At the urging of his wife Elke, Fracé took a sabbatical from commercial illustrating in 1972 and began painting for his own enjoyment. He proceeded to paint from memory an American eagle he had observed at Walking Dunes on the coast of Long Island. Unsure that the painting represented how he really felt about wildlife he put the painting into storage in a closet. His wife took the painting to a gallery in Mattituck, New York, seeking a professional opinion and with the urging of the gallery owners left it with them for display. It sold in two hours.
In 1973, he left the world of commercial illustration and concentrated on producing wildlife oil paintings. Also that year he started a business relationship with Frame House, a publisher of wildlife prints. His first two limited edition print releases, African Lion and Tiger, sold out shortly after release. In 1974, he relocated Nashville, Tennessee, and embarked on a five week trip to Africa, where he refined his skill in painting big cats, which became one of the hallmarks of his work. During the next 20 years over 100 of Fracé's paintings were issued as limited edition prints, making him one of the most successful wildlife artists of all time. By the early 1980s, Fracé was described as "America's premier wildlife artist". He was commissioned to paint the official portrait of 9Lives mascot Morris the Cat in 1976, and by the National Retriever Club to paint their 1983 stamp print.
In 1982, Fracé was profiled in the book, The Art of Charles Fracé, and a much more substantial profile, Nature's Window—Charles Fracé, was published in 1992. His work was also profiled in magazines including U.S. Art and Wildlife Art News. Fracé's paintings have been highlighted as exemplary of techniques used to capture difficult features such as the dense fur of the grizzly bear, and the feathers of birds in flight. In 1987, Fracé established The Fracé Fund For Wildlife Preservation, a charitable fund supporting wildlife organizations. Their first donations was of trees and foliage plants to Zoo Atlanta.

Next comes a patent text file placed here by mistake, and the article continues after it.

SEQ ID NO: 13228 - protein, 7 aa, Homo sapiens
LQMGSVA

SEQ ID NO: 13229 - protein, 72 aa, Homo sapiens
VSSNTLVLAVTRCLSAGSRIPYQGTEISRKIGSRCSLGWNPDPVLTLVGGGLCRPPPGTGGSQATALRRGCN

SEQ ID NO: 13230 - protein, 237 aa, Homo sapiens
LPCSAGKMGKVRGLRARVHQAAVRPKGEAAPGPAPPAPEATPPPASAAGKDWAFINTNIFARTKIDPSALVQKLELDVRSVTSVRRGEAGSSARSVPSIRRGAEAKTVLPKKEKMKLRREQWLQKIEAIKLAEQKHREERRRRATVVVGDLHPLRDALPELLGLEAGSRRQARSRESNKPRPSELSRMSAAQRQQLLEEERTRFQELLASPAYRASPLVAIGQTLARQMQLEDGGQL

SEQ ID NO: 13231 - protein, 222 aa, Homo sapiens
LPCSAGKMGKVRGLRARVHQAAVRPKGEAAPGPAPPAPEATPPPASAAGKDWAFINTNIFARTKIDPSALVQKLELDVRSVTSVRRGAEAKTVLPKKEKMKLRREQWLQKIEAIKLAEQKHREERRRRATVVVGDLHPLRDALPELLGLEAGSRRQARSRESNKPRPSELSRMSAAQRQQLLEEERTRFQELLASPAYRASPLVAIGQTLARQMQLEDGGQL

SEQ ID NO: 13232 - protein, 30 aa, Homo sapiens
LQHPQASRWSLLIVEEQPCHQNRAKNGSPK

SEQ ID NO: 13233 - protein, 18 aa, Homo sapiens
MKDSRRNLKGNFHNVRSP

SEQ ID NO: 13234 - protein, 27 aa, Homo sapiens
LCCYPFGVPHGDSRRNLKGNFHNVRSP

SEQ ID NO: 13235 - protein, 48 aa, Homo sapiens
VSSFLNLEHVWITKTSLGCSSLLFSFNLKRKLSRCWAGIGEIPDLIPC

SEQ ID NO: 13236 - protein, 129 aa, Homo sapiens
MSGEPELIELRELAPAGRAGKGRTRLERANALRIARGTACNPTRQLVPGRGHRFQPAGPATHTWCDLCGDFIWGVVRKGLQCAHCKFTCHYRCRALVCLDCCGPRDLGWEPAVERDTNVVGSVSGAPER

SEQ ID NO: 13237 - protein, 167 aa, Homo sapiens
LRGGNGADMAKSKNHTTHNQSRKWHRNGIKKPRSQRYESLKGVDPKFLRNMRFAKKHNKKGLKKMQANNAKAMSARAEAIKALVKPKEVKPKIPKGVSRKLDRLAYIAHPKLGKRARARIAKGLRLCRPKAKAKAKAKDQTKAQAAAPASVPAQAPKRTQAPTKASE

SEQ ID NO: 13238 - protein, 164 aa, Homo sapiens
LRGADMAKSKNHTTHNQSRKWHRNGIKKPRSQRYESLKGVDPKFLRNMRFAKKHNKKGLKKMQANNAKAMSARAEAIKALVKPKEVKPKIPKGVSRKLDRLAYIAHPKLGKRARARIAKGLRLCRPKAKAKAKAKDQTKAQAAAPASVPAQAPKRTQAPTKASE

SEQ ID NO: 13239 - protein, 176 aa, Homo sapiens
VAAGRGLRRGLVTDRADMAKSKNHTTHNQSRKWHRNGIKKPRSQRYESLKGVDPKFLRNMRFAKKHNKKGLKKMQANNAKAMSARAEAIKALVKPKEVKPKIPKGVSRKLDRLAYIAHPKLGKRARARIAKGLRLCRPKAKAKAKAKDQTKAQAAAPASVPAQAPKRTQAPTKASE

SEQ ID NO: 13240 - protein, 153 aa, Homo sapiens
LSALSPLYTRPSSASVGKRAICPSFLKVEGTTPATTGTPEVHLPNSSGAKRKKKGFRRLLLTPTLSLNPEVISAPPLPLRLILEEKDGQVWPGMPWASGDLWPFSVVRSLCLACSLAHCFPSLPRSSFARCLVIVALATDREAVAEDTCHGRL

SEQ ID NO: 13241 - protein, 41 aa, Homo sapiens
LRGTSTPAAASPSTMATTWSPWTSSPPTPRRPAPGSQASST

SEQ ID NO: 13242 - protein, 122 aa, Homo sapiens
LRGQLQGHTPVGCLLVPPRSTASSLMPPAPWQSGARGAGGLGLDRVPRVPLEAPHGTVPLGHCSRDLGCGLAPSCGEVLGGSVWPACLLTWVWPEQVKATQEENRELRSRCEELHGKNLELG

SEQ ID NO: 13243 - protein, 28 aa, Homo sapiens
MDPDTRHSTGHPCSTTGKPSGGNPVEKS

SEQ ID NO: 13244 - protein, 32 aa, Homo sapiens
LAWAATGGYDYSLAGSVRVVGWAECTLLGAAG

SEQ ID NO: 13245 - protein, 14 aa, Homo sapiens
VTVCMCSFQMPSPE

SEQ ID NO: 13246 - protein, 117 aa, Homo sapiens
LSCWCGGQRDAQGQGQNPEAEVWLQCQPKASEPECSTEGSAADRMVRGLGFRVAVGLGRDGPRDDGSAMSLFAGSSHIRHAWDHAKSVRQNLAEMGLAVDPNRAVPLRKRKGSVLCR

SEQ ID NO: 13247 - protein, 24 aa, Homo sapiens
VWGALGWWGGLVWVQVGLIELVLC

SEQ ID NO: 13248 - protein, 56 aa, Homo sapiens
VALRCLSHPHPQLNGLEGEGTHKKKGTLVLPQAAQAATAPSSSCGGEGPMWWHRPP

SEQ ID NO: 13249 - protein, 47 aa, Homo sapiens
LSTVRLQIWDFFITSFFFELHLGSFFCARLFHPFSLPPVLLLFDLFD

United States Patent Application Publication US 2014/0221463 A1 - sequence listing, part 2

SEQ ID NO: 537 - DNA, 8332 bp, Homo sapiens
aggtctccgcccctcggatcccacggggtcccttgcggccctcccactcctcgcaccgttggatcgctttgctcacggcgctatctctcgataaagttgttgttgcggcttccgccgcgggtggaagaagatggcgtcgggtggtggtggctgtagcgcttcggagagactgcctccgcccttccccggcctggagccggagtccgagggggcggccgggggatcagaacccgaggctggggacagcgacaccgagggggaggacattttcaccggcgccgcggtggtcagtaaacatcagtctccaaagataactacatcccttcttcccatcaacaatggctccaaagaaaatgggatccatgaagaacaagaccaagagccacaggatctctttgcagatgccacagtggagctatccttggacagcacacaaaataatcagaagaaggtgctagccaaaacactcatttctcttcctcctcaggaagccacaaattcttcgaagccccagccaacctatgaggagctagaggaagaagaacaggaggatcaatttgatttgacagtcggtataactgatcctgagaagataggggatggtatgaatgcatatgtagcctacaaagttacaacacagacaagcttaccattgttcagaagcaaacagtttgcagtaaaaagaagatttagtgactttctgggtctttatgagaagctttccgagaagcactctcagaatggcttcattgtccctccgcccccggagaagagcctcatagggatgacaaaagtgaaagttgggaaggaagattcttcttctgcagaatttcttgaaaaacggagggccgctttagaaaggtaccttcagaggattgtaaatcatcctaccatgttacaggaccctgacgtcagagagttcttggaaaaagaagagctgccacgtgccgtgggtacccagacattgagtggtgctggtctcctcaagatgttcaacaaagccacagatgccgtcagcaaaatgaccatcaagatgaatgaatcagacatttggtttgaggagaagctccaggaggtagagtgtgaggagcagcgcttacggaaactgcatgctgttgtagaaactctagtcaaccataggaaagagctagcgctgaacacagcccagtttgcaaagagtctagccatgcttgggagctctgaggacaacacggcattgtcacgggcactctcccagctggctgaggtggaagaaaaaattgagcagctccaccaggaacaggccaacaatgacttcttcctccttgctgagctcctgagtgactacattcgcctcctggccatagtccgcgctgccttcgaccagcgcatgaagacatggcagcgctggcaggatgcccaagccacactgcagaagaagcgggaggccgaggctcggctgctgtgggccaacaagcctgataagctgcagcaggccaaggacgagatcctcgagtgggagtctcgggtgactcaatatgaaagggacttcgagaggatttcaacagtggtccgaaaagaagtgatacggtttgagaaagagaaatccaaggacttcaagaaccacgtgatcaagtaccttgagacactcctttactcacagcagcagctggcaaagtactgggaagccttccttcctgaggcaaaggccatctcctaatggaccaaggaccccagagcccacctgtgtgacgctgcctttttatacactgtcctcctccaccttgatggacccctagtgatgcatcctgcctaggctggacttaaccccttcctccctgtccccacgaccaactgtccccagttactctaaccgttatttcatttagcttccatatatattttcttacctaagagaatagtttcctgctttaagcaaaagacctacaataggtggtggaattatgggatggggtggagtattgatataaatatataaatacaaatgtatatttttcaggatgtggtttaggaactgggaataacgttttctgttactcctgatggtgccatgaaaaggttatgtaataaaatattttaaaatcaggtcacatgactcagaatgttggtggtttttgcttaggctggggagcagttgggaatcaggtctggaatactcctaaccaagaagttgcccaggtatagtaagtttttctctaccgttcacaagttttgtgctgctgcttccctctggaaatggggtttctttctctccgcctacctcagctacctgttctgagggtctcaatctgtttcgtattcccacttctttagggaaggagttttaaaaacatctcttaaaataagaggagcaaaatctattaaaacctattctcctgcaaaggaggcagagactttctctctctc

In 1991, he was selected as one of four inaugural members of U.S. Art magazine's "Artists' Hall of Fame", and from November 1992 to May 1993, the Smithsonian Institution's National Museum of Natural History in Washington, D.C. hosted a one-man exhibition of his work, The American Wildlife Image and Charles Fracé, that featured over 36 of his paintings.
Selected recognition and awards
- 1978: Who's Who in American Art - R. R. Bowker Co.
- 1981: Contemporary Personages Encyclopedia - Academia Italia delle Arti e del Lavaro, Parma, Italy
- 1982: Denver Museum of Natural History, Denver, CO - Special Award of Merit for Cougar
- Patrick Seslar, Wildlife Painting Step By Step (2000), p. 128.
- Davis 1992, pp. 109.
- Davis 1992, pp. 110.
- Davis 1992, pp. 110-11.
- Davis 1992, pp. 111-12.
- Davis 1992, pp. 113.
- Davis 1992, pp. 114-15.
- Davis 1992, pp. 113-17.
- Davis 1992, pp. 117.
- Davis 1992, pp. 118.
- Davis 1992, pp. 120.
- Davis 1992, pp. 121.
- Davis 1992.
- Outdoor America (1984), Vol. 48, p. 35.
- Wildlife Art News (1995), Vol. 14, Issues 4-7, p. 112.
- Rachel Rubin Wolf, Keys to Painting: Fur & Feathers (1999), p. 38, 77, 79-80.
- Davis 1992, pp. 123.
- Davis 1992, pp. 125.